The Chicago Bears drafted a gem in the 2018 NFL Draft with the eighth overall pick with former Georgia Bulldogs linebacker Roquan Smith. Smith is a fantastic talent and has all the makings of a successful player for years to come.
Of course, like any player there is room for improvement and after one season it’s fair to say Smith is no different.
Although Smith led the Bears in tackles during his rookie season with 121 total, there is plenty more left for him to improve upon and take his game to the next level. The Bears defense made the jump to the elite conversation in 2018 and it seems safe to assume they will replicate that success moving forward.
Smith is a big part of their plans for the future, but if he wants to remain atop the team’s stat sheets he’ll need to do his best to improve his game to keep the Bears defense in the elite category.
Here are a few aspects to Smith’s game that he needs to improve upon to be among the league’s top linebackers.
While Smith was the team’s leader in tackles last season, he struggled at times in open field. Smith was unreal against the run and that much is well-documented, but his size at 6-foot-1 has hindered his ability to make tackles in open field situations.
The Bears linebacker makes plenty of tackles as a whole, but he’ll need to take some notes from teammate Danny Trevathan in order to emulate his lights out tackling ability. Smith is young and looks to be everything the Bears drafted him to be and it won’t be long before his ability to make tackles in the open field starts coming together.
Smith’s struggles against the passing game go hand-in-hand with the tackles he misses in the open field. Nobody can argue his ability to be a wrecking ball against run plays, but against the pass there is definitely room for improvement.
As stated previously, Smith’s size does often find him a bit vulnerable at times considering plenty of receivers he faces off against will have a height advantage on him. The Bears likely will work on Smith establishing a better sense of what it will take to elevate his pass defense.
Whether it’s his first step in coverage or his ability to compensate for his size, it’s highly likely Smith will continue to grow his game and remain a strong contributor to the Bears’ defense.
The Bears watched Smith unleash his incredible skill set all season long and wreck games for opposing offenses. Some games were definitely not as good as others in regards to Smith’s numbers for that given game.
Way back before the 2018 NFL season, the Raiders traded Khalil Mack to the Bears, a deal that would have a wide-ranging impact on the outcome of various football games. Chicago thrived, winning its division on the back of its defense, while the Raiders struggled to generate any pass rush and limped to a four-win season.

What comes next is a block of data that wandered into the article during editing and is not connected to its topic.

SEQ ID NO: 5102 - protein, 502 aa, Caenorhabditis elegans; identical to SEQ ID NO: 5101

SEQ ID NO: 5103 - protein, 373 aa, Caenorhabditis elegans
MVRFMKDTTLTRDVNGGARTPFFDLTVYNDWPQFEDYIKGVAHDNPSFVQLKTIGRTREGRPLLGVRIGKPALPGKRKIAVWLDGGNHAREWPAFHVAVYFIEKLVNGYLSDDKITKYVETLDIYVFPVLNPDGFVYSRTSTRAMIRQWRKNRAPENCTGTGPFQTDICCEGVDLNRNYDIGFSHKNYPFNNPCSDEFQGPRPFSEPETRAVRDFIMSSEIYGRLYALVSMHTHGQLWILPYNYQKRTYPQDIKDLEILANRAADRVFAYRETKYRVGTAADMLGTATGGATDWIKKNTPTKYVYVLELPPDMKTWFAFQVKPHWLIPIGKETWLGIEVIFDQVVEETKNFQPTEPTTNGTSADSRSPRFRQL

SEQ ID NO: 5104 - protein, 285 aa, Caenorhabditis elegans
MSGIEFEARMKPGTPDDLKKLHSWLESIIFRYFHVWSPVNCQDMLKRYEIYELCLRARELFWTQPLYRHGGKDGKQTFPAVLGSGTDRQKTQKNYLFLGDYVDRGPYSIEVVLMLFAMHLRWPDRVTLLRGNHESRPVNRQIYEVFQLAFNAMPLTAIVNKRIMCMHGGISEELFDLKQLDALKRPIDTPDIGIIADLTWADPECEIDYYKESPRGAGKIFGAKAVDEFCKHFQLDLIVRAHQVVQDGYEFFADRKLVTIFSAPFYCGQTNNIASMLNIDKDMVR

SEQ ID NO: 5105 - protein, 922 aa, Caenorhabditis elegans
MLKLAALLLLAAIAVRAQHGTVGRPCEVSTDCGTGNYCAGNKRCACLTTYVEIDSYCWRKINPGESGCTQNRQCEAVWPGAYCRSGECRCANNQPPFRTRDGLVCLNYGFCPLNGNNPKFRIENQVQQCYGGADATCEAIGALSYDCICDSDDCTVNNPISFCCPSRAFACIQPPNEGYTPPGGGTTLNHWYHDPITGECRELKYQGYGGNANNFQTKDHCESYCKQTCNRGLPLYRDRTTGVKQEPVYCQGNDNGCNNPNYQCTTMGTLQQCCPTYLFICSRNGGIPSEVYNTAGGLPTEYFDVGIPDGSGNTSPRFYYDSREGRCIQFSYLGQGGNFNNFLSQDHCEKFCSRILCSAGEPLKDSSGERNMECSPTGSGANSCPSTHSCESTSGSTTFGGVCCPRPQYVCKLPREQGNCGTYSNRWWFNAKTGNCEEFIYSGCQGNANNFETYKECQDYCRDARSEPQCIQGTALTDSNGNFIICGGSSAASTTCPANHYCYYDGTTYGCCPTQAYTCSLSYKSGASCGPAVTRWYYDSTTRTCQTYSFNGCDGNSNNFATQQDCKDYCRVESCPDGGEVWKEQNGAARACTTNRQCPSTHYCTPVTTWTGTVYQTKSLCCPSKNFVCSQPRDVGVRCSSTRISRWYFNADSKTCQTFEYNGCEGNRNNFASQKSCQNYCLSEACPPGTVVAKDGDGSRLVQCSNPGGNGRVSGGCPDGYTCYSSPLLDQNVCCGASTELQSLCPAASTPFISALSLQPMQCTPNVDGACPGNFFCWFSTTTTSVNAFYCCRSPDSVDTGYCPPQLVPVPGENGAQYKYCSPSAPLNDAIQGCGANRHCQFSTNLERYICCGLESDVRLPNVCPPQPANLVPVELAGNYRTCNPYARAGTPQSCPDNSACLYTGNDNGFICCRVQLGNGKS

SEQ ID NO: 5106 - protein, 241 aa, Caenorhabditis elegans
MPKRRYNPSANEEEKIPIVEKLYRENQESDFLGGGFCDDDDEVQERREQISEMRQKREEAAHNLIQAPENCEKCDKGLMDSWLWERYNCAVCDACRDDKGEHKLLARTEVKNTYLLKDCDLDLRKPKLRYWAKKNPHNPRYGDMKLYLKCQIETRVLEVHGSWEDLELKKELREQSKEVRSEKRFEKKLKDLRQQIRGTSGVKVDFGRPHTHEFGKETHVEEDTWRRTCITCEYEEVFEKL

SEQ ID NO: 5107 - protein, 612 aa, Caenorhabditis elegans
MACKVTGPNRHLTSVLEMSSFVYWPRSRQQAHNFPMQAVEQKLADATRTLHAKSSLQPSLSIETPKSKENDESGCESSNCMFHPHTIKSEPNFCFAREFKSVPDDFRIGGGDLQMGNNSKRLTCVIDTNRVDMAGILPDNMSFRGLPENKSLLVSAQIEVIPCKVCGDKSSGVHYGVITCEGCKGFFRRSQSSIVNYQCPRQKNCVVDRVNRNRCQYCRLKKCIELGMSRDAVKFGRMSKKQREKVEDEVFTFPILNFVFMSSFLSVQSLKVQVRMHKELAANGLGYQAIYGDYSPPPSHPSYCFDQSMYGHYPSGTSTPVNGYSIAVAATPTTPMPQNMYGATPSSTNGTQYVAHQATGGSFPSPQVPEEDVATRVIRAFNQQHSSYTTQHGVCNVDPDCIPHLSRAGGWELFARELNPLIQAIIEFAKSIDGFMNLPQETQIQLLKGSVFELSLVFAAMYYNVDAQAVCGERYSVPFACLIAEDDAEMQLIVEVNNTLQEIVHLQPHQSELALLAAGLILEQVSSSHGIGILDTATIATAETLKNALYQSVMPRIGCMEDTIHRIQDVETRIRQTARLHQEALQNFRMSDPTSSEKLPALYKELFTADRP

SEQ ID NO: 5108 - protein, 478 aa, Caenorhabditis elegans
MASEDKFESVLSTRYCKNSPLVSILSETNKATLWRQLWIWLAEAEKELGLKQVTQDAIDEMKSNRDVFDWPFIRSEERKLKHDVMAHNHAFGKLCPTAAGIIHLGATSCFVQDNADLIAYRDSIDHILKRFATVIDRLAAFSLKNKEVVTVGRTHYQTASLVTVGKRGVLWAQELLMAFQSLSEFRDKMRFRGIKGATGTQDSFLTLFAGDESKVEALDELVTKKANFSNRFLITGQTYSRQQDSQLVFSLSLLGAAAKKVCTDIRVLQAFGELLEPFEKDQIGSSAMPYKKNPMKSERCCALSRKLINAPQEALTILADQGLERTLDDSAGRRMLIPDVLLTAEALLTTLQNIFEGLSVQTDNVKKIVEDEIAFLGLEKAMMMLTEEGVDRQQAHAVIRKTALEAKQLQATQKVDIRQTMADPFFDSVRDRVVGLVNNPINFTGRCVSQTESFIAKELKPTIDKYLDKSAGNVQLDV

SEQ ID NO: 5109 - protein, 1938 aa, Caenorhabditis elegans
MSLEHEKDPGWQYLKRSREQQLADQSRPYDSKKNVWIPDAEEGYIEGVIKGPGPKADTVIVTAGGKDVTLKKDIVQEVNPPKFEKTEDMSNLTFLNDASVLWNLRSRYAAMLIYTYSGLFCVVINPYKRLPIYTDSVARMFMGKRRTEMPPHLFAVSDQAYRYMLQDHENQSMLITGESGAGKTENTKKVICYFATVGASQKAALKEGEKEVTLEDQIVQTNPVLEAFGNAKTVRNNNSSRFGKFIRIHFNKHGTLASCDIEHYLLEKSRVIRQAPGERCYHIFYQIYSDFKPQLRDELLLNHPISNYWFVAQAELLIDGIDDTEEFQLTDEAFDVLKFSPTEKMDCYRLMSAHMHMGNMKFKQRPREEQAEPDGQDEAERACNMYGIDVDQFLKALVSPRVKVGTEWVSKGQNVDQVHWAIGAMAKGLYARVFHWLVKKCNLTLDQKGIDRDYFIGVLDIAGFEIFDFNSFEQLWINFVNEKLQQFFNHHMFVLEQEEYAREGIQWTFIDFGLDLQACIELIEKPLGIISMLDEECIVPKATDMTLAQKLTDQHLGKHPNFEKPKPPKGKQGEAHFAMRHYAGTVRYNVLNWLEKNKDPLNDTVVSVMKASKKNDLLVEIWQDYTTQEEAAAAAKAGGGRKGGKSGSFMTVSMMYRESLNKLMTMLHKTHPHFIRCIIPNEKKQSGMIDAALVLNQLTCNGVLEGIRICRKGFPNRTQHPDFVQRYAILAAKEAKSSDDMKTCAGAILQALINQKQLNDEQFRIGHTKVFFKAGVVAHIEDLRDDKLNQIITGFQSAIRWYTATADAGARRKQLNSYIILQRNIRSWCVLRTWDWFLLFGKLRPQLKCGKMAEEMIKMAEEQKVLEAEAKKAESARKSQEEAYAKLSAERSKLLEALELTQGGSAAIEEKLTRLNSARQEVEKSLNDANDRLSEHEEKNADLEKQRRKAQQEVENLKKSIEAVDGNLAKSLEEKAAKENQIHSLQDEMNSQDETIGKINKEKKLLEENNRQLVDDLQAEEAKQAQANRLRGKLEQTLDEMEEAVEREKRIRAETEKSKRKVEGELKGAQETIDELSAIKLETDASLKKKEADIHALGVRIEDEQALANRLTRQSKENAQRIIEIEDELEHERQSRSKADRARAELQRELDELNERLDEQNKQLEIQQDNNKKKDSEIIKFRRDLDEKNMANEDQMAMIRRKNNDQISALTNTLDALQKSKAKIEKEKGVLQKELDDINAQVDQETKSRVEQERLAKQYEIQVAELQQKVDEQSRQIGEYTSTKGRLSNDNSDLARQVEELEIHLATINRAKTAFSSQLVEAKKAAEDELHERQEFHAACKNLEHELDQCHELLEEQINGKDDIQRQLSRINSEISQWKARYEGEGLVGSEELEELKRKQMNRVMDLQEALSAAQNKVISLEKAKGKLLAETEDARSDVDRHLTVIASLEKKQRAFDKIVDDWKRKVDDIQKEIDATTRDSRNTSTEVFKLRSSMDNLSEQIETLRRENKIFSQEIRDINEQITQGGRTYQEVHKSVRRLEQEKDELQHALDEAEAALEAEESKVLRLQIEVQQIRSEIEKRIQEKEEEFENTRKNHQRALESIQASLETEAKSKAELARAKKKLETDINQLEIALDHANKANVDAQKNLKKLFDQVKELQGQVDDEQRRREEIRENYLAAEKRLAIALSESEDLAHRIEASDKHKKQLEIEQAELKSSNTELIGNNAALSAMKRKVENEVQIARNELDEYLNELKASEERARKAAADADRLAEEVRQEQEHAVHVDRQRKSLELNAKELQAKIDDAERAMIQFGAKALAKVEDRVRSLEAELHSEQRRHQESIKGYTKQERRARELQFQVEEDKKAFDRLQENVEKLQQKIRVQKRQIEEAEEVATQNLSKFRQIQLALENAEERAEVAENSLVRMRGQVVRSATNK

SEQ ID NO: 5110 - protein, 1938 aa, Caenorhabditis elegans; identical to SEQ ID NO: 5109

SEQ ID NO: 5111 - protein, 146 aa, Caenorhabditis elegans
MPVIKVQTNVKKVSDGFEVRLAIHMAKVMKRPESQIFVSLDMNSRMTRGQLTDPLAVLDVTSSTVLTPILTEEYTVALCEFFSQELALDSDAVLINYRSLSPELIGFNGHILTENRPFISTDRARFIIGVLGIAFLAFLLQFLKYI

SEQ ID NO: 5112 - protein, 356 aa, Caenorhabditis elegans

Universally, the deal was panned. Until the Sloan Sports Conference anyway, when a bunch of analytically-minded folks in the sports space decided to hand the Raiders a giant trophy as part of being named winner of the “Best Transaction” award.
Yes, the trade of Khalil Mack — largely ripped by everyone, including yours truly right here on this website — was considered the Best Transaction in all of sports in 2018 from an analytical perspective.
So, uh, why? Well, as Houston Rockets GM Daryl Morey (one of the conference’s founders and one of the voters) explained to Vic Tafur of The Athletic, it was in large part because of how valuable the panel of people perceive draft picks to be.
“Everybody else thought it was a terrible trade, but draft picks are very valuable,” Morey told Tafur. “Analytics tends to fly in the face of popular convention pretty often.
“We don’t care about what people say.”
The funniest part about this story, by far, is that when Morey called Raiders team president Marc Badain to tell him they won the award, the Oakland president didn’t believe him and thought Morey was pulling a practical joke on him.
“Marc thought I was making fun of him,” Morey said. “I had to tell him several times that I wasn’t kidding. I guess they took a lot of heat for that.”
They sure did! Everyone ripped the Raiders for dealing an in-his-prime pass rusher like Mack, especially when Oakland’s primary logic was that they couldn’t pay Mack what he wanted to get in a deal. (The Bears quickly gave Mack a massive deal, handing him $141 million with $90 million guaranteed after they traded for him.)
With the benefit of hindsight, we can definitely see the Raiders were holding firm on their price tag for Mack, having demanded two first-round picks for him after it was clear Mack and Oakland weren’t going to be able to work out a new contract.
The Raiders did not get the picks they wanted, per se, because the Bears ended up being a much better team than they thought initially. Oakland said after the fact it chose Chicago as the best trade partner because the Raiders and Jon Gruden viewed the Bears as the most likely team out of the ones they were talking with to struggle in 2018.
Just before the NFL trade deadline in October, a team in the playoff hunt offered the Bears a third-round draft pick for running back Jordan Howard.
General manager Ryan Pace declined, one of several smart decisions Pace made for the eventual NFC North champions.
A source said the Bears held on to Howard for their own playoff chase, faith he rewarded with a strong final month. Howard gained 399 yards on 88 carries in five games down the stretch, providing the reliability his running lacked earlier in the season.
Nobody feels satisfied with Howard’s 935-yard season in 2018, but both of his 100-yard games came in that pivotal period when he averaged 4.5 yards per carry. He gave a defensive-driven playoff team a necessary element, a power running game.
With due respect to global warming, the Bears can’t count on the conditions being any milder next December. Howard is the flannel shirt in coach Matt Nagy’s closet full of trendier clothes, something Nagy might not miss until a chill returns. That makes Howard worth keeping, even as trade rumors reignited recently at the NFL combine.
Not that Nagy sounded enamored last week with the idea of keeping Howard when describing the ideal running back for his offense and decrying any notion of needing the kind of workhorse like Howard who will get more than 20 carries.